Titled “Electroacupuncture treatment of acute low back pain: unlikely to be a placebo response” and written by Dr. Kwan Leung Chia, from the School of Medicine at Flinders University in SA, you could be forgiven for passing over the abstract if you weren’t interested in or currently using electroacupuncture, however this case report leads to broader discussion.
You can read the full case report here
As others treating this age group and gender will agree, this type of history and presentation is not uncommon when the pain is in the buttock or lateral thigh. Often the onset is an unremarkable single legged, sudden overload situation; like a miss step, trip or hop. Pain is initially mild and builds over 24 hours, becoming intense and often incapacitating. Rest eases, but weight bearing quickly aggravates. In this situation pain is localised on palpation to the buttock, most commonly along what I refer to as the ‘posterior gluteal line’ (an artificial line drawn between the PSIS and greater trochanter). Anatomically this coincides the most posterior arc of the gluteus medius and minimus attachment on the ilium – I wonder if this represents an enthesis irritation?
In Dr. Chia’s case study, the conclusion is drawn that the muscle at fault is psoas major, based upon active hip flexion being the most painful movement, and leaning forward causing pain. The hip flexion is logical but trunk flexion doesn’t clearly follow. Trunk flexion in standing is a low load movement, that would only require eccentric control via trunk extensors, rather that an active truck flexion or even a co contraction. Perhaps it was performed in supine like a sit-up, but this was not stated. The other point of examination that would have been useful to assist diagnosis was palpation.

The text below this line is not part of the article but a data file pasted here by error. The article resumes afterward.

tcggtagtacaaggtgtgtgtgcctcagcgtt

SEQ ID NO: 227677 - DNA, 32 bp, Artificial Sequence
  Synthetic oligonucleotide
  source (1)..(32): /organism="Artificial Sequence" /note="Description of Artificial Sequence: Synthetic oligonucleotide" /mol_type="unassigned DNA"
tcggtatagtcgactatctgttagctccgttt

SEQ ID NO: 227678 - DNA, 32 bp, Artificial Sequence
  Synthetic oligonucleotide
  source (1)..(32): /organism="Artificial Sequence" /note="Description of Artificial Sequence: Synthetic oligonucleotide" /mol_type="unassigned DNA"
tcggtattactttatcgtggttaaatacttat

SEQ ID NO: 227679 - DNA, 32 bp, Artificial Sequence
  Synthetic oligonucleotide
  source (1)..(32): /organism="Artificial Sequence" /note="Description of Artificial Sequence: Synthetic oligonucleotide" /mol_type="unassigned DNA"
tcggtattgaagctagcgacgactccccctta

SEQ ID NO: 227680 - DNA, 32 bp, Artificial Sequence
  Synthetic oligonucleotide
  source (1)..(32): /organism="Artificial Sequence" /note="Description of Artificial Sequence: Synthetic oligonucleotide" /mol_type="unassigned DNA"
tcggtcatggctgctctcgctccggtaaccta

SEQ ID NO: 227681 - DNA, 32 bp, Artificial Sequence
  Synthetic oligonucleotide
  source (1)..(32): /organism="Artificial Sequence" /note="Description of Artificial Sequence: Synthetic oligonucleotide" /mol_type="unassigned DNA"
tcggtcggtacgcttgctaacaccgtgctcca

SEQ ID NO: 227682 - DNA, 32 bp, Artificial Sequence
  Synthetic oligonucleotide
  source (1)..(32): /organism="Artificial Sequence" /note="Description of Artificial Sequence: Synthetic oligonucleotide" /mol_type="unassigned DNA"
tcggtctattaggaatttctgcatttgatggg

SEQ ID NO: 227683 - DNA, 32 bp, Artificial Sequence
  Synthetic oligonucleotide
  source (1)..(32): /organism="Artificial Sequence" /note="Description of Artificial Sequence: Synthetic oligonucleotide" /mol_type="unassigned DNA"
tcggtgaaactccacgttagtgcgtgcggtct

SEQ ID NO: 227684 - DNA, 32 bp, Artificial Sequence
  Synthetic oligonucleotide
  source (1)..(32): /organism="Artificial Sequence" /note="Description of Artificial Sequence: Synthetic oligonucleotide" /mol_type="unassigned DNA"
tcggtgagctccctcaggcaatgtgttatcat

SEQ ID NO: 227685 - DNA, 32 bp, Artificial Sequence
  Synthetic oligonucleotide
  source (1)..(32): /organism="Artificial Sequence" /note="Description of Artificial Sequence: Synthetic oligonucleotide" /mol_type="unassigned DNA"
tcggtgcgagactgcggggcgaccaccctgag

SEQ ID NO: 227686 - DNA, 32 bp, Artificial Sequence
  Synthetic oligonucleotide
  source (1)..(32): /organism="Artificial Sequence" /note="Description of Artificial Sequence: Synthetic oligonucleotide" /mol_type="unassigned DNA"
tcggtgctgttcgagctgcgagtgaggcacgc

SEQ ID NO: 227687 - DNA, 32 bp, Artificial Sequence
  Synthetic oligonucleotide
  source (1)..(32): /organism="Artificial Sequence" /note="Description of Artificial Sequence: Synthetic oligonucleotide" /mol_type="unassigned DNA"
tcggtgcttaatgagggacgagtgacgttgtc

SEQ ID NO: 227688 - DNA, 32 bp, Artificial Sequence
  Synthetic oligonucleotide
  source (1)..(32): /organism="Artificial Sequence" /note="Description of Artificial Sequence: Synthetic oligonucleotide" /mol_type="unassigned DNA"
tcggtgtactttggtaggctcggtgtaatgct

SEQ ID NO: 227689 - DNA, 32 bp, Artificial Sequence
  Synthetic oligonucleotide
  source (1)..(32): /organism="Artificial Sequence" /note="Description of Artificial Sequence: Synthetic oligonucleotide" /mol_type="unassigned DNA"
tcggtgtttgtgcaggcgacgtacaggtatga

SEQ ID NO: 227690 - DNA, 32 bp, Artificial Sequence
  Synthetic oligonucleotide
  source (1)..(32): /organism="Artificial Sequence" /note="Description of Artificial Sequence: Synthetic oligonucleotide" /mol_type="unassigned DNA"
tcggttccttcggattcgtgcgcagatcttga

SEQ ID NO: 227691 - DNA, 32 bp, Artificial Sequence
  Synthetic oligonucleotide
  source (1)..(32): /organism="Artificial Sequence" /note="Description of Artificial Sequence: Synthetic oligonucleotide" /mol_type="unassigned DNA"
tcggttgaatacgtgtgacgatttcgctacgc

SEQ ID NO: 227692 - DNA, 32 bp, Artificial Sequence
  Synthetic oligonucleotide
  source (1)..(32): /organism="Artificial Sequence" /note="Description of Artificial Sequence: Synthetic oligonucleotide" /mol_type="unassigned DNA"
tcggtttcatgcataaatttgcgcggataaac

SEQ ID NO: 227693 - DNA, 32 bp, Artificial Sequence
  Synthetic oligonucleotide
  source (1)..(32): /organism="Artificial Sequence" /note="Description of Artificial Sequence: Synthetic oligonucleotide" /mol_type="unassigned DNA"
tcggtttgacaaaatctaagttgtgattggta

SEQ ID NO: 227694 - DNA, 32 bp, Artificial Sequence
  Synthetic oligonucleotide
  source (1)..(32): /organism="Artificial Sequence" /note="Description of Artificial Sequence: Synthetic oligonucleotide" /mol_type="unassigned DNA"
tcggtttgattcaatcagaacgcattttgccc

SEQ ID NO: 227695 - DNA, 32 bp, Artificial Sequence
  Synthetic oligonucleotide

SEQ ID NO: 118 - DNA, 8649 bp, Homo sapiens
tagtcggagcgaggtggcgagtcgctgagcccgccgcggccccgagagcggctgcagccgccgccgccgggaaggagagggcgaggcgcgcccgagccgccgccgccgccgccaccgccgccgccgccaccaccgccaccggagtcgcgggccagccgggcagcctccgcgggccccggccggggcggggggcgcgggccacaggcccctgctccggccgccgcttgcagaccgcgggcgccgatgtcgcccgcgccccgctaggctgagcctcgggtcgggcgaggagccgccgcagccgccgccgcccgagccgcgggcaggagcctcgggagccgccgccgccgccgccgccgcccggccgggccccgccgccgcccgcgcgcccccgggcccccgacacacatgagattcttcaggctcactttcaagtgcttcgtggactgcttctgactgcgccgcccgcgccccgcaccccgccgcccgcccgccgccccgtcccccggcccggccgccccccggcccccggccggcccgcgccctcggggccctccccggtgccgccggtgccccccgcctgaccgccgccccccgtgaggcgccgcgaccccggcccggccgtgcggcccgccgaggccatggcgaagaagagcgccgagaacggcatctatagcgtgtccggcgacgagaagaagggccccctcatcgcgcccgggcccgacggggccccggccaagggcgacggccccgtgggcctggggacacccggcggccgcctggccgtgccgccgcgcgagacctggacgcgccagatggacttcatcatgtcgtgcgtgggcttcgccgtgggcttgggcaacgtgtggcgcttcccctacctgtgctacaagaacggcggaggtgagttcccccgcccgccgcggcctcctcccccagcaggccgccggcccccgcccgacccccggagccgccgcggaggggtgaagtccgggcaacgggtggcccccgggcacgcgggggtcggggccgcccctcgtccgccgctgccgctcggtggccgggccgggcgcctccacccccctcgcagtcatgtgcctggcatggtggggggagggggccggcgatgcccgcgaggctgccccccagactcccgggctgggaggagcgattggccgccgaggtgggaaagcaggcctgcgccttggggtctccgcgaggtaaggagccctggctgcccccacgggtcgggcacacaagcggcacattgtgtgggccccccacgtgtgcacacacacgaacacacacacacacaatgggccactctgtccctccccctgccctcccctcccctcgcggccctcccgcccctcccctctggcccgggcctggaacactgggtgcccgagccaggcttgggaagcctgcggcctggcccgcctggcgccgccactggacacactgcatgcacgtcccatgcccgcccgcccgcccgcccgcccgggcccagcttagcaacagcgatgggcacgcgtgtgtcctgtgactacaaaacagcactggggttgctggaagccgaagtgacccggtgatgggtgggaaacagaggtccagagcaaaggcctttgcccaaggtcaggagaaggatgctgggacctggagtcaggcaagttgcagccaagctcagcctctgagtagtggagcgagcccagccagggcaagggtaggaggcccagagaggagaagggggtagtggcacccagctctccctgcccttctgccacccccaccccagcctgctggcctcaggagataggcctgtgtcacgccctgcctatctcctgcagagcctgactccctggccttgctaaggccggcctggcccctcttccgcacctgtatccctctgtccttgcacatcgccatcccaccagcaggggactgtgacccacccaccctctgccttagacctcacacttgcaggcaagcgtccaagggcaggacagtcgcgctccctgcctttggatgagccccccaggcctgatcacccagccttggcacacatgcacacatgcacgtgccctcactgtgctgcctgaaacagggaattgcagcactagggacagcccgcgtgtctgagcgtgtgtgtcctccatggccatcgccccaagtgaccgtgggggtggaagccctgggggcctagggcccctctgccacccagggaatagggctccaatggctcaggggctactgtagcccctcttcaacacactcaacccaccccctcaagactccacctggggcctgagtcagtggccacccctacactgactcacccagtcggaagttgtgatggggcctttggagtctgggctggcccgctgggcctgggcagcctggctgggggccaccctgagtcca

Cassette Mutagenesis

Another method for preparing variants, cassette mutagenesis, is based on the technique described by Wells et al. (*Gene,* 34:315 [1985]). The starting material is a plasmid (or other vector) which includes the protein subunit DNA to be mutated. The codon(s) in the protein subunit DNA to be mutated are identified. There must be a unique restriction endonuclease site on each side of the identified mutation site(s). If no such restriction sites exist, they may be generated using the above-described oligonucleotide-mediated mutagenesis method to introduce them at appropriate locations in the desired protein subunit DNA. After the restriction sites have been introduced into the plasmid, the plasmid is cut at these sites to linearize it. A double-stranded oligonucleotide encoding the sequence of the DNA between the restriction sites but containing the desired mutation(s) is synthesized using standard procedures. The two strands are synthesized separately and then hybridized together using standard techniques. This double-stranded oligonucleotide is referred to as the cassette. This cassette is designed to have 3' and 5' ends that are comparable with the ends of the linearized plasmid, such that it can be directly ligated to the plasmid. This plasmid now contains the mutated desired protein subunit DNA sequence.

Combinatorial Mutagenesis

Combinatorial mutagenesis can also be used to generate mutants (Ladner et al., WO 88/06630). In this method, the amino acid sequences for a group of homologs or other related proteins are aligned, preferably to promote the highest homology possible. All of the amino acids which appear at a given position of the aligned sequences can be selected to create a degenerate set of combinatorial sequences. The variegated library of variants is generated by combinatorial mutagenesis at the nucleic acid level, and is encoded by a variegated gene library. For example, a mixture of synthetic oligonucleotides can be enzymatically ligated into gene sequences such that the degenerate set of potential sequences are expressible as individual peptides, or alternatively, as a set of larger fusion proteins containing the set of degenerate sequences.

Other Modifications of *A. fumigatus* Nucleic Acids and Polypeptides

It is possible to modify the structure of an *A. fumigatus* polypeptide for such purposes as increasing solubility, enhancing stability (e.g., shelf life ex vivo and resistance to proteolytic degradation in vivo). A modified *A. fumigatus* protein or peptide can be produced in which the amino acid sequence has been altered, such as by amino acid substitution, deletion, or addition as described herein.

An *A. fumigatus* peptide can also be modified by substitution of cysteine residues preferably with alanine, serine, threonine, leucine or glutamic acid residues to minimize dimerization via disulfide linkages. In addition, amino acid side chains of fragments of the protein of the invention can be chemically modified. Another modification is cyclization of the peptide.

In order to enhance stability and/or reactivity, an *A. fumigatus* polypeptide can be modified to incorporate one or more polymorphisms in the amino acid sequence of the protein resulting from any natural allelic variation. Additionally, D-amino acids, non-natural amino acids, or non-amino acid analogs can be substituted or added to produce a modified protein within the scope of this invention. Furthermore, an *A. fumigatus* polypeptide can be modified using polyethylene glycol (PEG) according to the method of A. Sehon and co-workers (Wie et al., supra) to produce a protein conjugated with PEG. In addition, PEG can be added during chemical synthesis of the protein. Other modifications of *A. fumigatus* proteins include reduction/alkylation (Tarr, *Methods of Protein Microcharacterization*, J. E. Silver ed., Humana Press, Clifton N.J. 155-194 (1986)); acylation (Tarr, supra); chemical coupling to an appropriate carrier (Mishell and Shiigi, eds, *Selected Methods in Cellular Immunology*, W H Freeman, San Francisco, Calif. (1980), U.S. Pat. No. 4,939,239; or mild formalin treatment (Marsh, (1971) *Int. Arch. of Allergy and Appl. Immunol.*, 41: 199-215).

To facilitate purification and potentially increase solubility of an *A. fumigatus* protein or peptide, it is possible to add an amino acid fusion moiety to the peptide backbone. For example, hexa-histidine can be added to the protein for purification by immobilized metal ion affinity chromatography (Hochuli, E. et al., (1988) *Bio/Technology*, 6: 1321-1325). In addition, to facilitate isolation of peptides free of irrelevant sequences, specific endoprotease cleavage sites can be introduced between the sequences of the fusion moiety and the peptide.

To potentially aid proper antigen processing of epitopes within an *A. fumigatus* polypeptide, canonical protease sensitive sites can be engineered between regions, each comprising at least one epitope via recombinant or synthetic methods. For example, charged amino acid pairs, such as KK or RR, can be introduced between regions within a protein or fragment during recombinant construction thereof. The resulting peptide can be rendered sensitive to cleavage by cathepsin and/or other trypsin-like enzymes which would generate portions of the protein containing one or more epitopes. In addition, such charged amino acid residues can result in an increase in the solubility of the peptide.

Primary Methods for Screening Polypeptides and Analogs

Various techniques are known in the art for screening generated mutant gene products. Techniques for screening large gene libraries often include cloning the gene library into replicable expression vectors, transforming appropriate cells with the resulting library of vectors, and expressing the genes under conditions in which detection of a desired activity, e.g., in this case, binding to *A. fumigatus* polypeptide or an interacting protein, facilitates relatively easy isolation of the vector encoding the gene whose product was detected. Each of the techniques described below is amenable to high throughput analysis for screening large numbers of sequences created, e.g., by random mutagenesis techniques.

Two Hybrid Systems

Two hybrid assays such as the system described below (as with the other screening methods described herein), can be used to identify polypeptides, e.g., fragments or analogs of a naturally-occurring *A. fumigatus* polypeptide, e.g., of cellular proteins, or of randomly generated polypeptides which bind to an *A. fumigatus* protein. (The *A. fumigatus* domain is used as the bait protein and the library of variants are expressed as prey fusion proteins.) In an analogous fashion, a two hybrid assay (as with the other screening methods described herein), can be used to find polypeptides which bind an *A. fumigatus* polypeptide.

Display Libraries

While the posterior tissues were noted as thoroughly palpated, no anterior tissues were mentioned. Clinically I have been on the lookout for acute psoas dysfunction for a long time and believe I have only seen one. Sub clinical involvement of psoas however, I believe is reasonably common in lumbopelvic presentations. On palpating the psoas muscle there is often a hypersensitive place (lowered pain pressure threshold - PPT) just lateral to the umbilicus (L3 approximately) on the ipsilateral side. In addition, palpation of the iliopsoas muscle as it crosses the superior and inferior pubic ramus, is also hypersensitive relative to the contralateral side. Clinically the interesting thing here I have found, is that if you treat the distal point i.e. over the inferior pubic ramus (I use dry needling), the proximal point invariably settles spontaneously. So other than conceptually, I haven’t needed to explore deep needling of psoas from a postrolateral approach, because treating the distal trigger point has been successful.
Useful Clinical Psoas Resources
Here are a couple of case studies focusing on psoas, that I have previously detailed showing the variety of presentation and management strategies.
Also if you haven’t needled the before mentioned lower trigger point of psoas, beware of spontaneous reactions. This YouTube video captures a +ve jump response when needling the lower trigger point.
Like Dr. Chia, I heartily agree that review of anatomy is imperative to continue the learning process for manual based therapists and for this reason we have specifically developed a relationship with the UWA Anatomy & Physiology Department to enable regular access for AAP Education members via our workshops. Upcoming Anatomy Workshop details can be found here.
If this has perked your interest in upgrading your Lower Quadrant dry needling skills, click here to turn thought into action! Likewise for those planning on attending the Master Needling Course in 2015, this is your last opportunity to complete your Advanced Courses and qualify for the 2015 Master Needling Course in Esperance.
Joining the Discussion
I really appreciated the emails that people send through about these newsletters. Often these contain useful information that others would benefit from reading. So what I am doing is posting the newsletter on Creating Clinical Success, my blog post. In this way people will be able to comment and others will also be able to read replies. If you have a comment, perspective or question, please consider adding to the discussion.
All the best,
Doug Cary FACP
Specialist Musculoskeletal Physiotherapist (awarded by Australian College of Physiotherapy, 2009)
PhD Candidate Curtin University
Clinical Director AAP Education
ph/fx: 08 90715055
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